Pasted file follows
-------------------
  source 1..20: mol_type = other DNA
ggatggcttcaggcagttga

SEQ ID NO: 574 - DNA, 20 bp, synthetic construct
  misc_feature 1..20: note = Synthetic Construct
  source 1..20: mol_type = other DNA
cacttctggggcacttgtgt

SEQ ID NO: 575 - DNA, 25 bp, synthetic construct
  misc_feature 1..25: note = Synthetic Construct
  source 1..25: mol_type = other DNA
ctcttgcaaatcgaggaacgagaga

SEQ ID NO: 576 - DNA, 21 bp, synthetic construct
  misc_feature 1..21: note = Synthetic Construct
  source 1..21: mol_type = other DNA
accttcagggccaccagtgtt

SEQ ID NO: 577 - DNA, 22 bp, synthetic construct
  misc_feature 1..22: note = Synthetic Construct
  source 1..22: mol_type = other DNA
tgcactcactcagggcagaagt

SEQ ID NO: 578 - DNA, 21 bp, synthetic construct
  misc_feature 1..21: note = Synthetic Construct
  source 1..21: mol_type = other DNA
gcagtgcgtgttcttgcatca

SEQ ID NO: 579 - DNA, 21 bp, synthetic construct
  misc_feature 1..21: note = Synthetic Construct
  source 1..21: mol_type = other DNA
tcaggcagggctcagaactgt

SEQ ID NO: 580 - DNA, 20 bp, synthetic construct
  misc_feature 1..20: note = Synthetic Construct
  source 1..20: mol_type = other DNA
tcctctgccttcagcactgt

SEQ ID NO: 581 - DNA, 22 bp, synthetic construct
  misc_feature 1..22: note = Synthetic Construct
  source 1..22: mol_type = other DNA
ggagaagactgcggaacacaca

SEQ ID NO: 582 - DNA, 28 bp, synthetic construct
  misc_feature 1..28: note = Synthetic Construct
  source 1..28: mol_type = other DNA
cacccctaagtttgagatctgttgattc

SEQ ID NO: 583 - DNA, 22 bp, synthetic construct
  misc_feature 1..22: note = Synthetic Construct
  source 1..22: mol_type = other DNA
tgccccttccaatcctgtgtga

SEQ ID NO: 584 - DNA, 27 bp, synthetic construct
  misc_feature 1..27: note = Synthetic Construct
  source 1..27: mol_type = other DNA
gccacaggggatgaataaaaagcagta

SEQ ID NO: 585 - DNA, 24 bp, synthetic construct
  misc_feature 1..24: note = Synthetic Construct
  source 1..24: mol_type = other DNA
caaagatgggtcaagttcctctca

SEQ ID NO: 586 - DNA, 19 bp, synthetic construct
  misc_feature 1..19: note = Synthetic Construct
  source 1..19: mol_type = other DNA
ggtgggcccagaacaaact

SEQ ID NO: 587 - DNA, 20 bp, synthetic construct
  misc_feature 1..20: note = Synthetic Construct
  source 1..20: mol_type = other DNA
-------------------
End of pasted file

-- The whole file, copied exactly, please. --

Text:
  source 1..20: mol_type = other DNA
ggatggcttcaggcagttga

SEQ ID NO: 574 - DNA, 20 bp, synthetic construct
  misc_feature 1..20: note = Synthetic Construct
  source 1..20: mol_type = other DNA
cacttctggggcacttgtgt

SEQ ID NO: 575 - DNA, 25 bp, synthetic construct
  misc_feature 1..25: note = Synthetic Construct
  source 1..25: mol_type = other DNA
ctcttgcaaatcgaggaacgagaga

SEQ ID NO: 576 - DNA, 21 bp, synthetic construct
  misc_feature 1..21: note = Synthetic Construct
  source 1..21: mol_type = other DNA
accttcagggccaccagtgtt

SEQ ID NO: 577 - DNA, 22 bp, synthetic construct
  misc_feature 1..22: note = Synthetic Construct
  source 1..22: mol_type = other DNA
tgcactcactcagggcagaagt

SEQ ID NO: 578 - DNA, 21 bp, synthetic construct
  misc_feature 1..21: note = Synthetic Construct
  source 1..21: mol_type = other DNA
gcagtgcgtgttcttgcatca

SEQ ID NO: 579 - DNA, 21 bp, synthetic construct
  misc_feature 1..21: note = Synthetic Construct
  source 1..21: mol_type = other DNA
tcaggcagggctcagaactgt

SEQ ID NO: 580 - DNA, 20 bp, synthetic construct
  misc_feature 1..20: note = Synthetic Construct
  source 1..20: mol_type = other DNA
tcctctgccttcagcactgt

SEQ ID NO: 581 - DNA, 22 bp, synthetic construct
  misc_feature 1..22: note = Synthetic Construct
  source 1..22: mol_type = other DNA
ggagaagactgcggaacacaca

SEQ ID NO: 582 - DNA, 28 bp, synthetic construct
  misc_feature 1..28: note = Synthetic Construct
  source 1..28: mol_type = other DNA
cacccctaagtttgagatctgttgattc

SEQ ID NO: 583 - DNA, 22 bp, synthetic construct
  misc_feature 1..22: note = Synthetic Construct
  source 1..22: mol_type = other DNA
tgccccttccaatcctgtgtga

SEQ ID NO: 584 - DNA, 27 bp, synthetic construct
  misc_feature 1..27: note = Synthetic Construct
  source 1..27: mol_type = other DNA
gccacaggggatgaataaaaagcagta

SEQ ID NO: 585 - DNA, 24 bp, synthetic construct
  misc_feature 1..24: note = Synthetic Construct
  source 1..24: mol_type = other DNA
caaagatgggtcaagttcctctca

SEQ ID NO: 586 - DNA, 19 bp, synthetic construct
  misc_feature 1..19: note = Synthetic Construct
  source 1..19: mol_type = other DNA
ggtgggcccagaacaaact

SEQ ID NO: 587 - DNA, 20 bp, synthetic construct
  misc_feature 1..20: note = Synthetic Construct
  source 1..20: mol_type = other DNA